Although no official statement has been made by the artist or her representatives, evidence points to links between high-profile Japanese pop star AI (Ai Carina Uemura) and at least one, if not both, of the suspects being questioned over the rape and murder of Nicola Furlong.
It is believed that 23-year-old American James Blackston, the only person named by Tokyo police in relation to the crime, was dancing on stage with AI just days before he was arrested.
AI, who is thought of by many as Japan’s queen of hip-hop soul, shot to stardom back in 2005 with her hit single “Story,” which has logged 3.5 million downloads and stayed on the Oricon charts for a year.
Born in Los Angeles but raised in both Kagoshima and the U.S., AI is bilingual and has a following in the States as well as Japan. She is signed with EMI Music, who declined to comment for this story.
She has performed with big-name U.S. acts such as Snoop Doggy Dog and Chaka Khan, and headlined with Tito, Jackie and Marlon Jackson in Tokyo late last year at a Michael Jackson Tribute concert.
It is believed that prior to his arrest on May 24, Blackston, who uses the dancing name “King Tight” or “KT,” was touring Japan with the singer as part of her AI “Independent” Tour 2012.
Blackston is believed to have shared the stage with AI at a concert in Koriyama, Fukushima Prefecture, on May 22, the day before Furlong allegedly met the two men at a Nicki Minaj concert in Tokyo. Earlier reports falsely suggested the two suspects were part of the Minaj entourage, something the artist strongly denied in a recent public statement, but it is believed Blackston has danced for high-profile American acts in the past, such as the Black Eyed Peas.
On May 21, the day after the AI Sendai concert, Blackston gave a special King Tight Workshop at a dance school in Sendai, where he taught the moves to a number of AI’s songs to fans, some of whom appear to be as young as junior high school age.
Rumors are also circulating that the other suspect, a 19-year-old American musician who police refused to name due to his age, may also be part of the AI entourage — possibly a player or backup singer — but this has yet to be confirmed.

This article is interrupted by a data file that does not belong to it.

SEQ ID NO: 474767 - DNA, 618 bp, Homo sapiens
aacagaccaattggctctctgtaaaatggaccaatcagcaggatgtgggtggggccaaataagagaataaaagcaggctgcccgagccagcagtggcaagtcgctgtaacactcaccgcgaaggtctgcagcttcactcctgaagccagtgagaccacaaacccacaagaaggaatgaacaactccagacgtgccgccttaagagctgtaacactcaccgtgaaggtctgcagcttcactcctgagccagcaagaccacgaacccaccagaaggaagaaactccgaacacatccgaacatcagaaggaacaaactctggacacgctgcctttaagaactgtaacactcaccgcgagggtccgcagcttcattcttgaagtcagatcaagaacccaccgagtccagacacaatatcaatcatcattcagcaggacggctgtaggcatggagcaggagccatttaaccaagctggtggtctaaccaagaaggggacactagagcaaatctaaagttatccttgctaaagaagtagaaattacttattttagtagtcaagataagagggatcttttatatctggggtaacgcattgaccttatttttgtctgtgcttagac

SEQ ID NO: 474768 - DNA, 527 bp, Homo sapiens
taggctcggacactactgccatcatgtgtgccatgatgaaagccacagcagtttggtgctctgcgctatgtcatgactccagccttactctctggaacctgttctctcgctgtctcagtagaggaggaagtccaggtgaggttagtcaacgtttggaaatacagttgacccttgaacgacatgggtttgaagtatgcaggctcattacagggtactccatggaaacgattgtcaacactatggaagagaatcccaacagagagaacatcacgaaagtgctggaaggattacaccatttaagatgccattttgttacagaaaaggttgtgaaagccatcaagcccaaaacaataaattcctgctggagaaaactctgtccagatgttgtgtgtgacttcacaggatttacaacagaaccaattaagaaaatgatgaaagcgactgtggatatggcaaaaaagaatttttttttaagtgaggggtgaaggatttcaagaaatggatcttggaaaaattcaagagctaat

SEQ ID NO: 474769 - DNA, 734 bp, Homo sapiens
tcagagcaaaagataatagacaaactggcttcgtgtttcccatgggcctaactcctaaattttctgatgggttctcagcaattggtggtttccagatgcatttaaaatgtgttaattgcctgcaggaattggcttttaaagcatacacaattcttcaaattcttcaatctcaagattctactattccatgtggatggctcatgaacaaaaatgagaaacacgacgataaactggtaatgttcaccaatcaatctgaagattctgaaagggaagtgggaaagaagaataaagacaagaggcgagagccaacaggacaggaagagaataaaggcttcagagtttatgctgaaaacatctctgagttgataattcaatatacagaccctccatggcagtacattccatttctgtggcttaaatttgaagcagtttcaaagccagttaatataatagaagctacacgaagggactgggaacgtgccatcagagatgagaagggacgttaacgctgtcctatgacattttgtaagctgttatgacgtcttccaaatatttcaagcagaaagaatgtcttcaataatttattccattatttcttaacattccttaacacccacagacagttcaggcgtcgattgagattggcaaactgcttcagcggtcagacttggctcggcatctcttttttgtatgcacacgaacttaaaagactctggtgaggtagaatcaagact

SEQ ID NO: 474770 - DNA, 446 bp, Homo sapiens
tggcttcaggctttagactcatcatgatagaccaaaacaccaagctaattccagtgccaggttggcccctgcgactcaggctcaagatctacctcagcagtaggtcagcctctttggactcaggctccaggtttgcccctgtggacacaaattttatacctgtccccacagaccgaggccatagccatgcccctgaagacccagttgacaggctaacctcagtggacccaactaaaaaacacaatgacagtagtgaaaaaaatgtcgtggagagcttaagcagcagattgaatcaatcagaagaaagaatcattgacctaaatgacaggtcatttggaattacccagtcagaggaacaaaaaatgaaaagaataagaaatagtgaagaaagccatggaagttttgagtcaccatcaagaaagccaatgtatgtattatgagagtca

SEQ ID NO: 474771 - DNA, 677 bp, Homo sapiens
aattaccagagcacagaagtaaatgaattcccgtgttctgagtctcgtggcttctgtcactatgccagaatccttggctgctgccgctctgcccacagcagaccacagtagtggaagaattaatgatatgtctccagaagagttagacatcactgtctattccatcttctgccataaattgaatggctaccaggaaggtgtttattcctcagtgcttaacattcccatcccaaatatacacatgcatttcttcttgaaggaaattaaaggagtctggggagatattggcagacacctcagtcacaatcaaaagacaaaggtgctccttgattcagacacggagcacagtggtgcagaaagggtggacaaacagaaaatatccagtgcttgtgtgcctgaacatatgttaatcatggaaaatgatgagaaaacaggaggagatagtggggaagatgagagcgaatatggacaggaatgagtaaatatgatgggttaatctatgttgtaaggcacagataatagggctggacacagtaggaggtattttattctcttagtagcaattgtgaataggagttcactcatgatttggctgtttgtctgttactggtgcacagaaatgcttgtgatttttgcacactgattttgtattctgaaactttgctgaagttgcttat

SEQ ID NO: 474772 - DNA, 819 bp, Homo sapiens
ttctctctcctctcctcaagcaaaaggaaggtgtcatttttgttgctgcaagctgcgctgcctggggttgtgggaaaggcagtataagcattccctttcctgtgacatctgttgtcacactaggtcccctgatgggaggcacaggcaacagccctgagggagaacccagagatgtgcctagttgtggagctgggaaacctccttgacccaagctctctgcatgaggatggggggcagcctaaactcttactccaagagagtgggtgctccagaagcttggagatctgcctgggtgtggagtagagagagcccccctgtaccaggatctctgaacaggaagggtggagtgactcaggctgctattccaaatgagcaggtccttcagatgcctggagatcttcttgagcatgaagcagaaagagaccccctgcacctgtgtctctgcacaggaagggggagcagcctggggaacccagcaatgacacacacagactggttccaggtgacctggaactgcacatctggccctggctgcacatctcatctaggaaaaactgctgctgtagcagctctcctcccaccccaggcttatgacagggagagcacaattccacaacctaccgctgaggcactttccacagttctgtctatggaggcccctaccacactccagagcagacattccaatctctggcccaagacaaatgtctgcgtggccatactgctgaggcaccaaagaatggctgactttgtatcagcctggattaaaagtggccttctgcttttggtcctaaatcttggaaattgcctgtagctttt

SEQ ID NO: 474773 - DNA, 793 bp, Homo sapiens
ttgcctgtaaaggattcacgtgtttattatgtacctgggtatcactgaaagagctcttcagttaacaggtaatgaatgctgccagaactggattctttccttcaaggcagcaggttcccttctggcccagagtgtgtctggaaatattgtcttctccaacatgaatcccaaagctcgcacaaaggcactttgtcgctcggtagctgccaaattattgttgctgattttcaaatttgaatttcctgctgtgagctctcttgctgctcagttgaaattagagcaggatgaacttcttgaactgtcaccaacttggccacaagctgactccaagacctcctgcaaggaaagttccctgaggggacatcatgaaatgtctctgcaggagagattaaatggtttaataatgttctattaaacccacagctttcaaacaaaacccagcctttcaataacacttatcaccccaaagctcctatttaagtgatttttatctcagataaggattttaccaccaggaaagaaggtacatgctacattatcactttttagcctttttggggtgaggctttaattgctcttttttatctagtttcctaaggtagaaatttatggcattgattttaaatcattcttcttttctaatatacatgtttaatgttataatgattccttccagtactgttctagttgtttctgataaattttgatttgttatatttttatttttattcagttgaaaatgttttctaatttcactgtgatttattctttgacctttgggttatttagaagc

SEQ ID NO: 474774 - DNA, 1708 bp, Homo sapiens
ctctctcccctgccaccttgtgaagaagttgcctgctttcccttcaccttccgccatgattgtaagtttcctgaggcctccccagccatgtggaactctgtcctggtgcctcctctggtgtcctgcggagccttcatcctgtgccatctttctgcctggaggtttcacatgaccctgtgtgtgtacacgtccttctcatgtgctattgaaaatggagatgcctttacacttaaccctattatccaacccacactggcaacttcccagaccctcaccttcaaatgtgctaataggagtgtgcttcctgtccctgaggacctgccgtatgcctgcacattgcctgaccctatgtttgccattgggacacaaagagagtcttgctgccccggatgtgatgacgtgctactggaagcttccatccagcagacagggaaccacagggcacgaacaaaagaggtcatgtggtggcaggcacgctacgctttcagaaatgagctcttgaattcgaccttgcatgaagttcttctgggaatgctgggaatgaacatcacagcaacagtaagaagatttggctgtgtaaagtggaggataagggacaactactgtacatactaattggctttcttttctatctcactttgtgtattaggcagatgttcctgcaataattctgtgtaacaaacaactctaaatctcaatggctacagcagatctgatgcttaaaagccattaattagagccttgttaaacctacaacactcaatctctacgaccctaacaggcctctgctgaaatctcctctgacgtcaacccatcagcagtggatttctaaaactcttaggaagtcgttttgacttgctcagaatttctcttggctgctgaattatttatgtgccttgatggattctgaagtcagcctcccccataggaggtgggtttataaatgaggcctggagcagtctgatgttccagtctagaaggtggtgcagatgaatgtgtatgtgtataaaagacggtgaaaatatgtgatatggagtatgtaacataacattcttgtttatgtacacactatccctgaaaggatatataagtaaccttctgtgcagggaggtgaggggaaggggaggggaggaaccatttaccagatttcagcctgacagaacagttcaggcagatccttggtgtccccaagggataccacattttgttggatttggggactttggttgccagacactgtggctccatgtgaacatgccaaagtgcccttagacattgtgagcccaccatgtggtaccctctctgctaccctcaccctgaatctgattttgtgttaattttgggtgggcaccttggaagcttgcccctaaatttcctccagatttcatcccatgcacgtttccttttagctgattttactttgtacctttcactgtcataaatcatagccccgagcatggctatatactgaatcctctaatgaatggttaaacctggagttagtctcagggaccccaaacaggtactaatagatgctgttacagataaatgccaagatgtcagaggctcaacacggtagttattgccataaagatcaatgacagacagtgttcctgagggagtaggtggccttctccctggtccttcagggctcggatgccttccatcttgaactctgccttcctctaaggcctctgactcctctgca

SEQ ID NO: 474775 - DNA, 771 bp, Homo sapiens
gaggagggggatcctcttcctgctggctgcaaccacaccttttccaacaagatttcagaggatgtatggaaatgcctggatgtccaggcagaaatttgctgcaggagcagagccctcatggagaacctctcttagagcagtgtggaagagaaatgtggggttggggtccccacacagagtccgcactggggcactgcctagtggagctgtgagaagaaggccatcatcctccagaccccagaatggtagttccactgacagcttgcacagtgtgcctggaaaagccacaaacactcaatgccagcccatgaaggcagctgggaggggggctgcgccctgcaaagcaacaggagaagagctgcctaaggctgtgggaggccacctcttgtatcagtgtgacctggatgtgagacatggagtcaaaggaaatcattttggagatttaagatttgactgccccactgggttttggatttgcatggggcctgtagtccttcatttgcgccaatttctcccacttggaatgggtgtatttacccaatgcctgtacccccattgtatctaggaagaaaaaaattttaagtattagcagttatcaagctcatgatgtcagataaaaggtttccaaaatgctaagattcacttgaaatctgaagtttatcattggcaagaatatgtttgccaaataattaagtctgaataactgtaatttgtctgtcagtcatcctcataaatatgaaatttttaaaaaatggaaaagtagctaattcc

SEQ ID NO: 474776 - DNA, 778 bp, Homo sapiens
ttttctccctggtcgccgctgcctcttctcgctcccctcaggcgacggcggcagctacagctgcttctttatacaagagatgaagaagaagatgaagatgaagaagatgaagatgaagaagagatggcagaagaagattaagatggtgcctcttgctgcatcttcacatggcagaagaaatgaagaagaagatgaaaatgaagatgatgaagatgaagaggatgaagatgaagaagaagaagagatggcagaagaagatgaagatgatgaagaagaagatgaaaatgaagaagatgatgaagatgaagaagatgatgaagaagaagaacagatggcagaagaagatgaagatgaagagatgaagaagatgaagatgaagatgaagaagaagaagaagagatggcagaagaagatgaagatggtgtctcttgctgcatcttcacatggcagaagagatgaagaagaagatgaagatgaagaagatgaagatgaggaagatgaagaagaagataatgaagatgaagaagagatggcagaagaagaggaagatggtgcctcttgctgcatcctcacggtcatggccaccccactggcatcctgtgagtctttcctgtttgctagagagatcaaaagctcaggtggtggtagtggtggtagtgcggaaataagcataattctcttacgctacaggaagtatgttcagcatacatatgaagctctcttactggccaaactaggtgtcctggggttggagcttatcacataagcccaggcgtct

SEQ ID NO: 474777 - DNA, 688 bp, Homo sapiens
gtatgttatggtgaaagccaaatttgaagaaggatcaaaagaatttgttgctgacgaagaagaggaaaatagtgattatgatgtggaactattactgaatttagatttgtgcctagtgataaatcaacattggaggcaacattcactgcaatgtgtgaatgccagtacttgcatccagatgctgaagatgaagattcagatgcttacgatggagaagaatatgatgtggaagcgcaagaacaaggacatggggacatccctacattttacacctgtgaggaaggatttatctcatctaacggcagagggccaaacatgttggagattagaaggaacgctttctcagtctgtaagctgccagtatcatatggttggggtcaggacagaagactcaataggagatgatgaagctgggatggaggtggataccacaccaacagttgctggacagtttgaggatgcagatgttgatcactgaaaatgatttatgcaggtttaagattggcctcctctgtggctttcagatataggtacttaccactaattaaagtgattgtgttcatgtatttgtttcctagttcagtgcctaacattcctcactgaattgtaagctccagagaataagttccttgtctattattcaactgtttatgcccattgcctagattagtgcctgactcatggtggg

Neither man has yet been arrested or charged with either the rape or murder of Furlong, but both suspects are currently being held on the lesser charge of waisetsu-zai for forcibly groping Furlong’s friend, also a 21-year-old Irish girl, in a taxi after plying the pair with alcohol.
It is understood that it was not Blackston but his unnamed 19-year-old associate who was found standing next to Furlong’s body by an employee of the Keio Plaza Hotel in Shinjuku. The hotel worker went to the room after another guest complained about the noise.
Long wait in cells likely before charges laid
Tokyo police have yet to confirm where the two American suspects being questioned in connection with the death of Nicola Furlong are being held, but it is sure to be in one of the notorious daiyo kangoku, or police station “substitute prisons.”
According to a report by the Japan Federation of Bar Associations, Japan the longest police detention periods of any country in the world. Under the 1908 Prison Law, suspects can be held in custody for a total of 23 days before formal charges are laid.
After an initial 72-hour “questioning” period, by the end of which an official arrest must be made and the case referred to the prosecutor, the prosecutor can then apply to the judge for a 10-day detention period.
The prosecutor can then apply for another 10-day extension, and judges almost always grant these extensions, especially in the case of foreigners, who are deemed a flight risk, or when other more serious charges are pending.
During this period police have been known to engage in extremely intense interrogation procedures in order to get a confession and build up enough evidence to lay formal charges, or to arrest suspects on additional charges.
The standard of evidence for laying formal charges in Japan is very high, which is why it is very common for suspects, such as the two in the Furlong case, to be detained for long periods of time on a minor charge, such as criminal indecency.
Prosecutors in Japan are also famously hesitant to take on cases that they are not sure they can win.
This is believed to be one of the factors behind Japan’s famously high criminal conviction rate of 99.8 percent.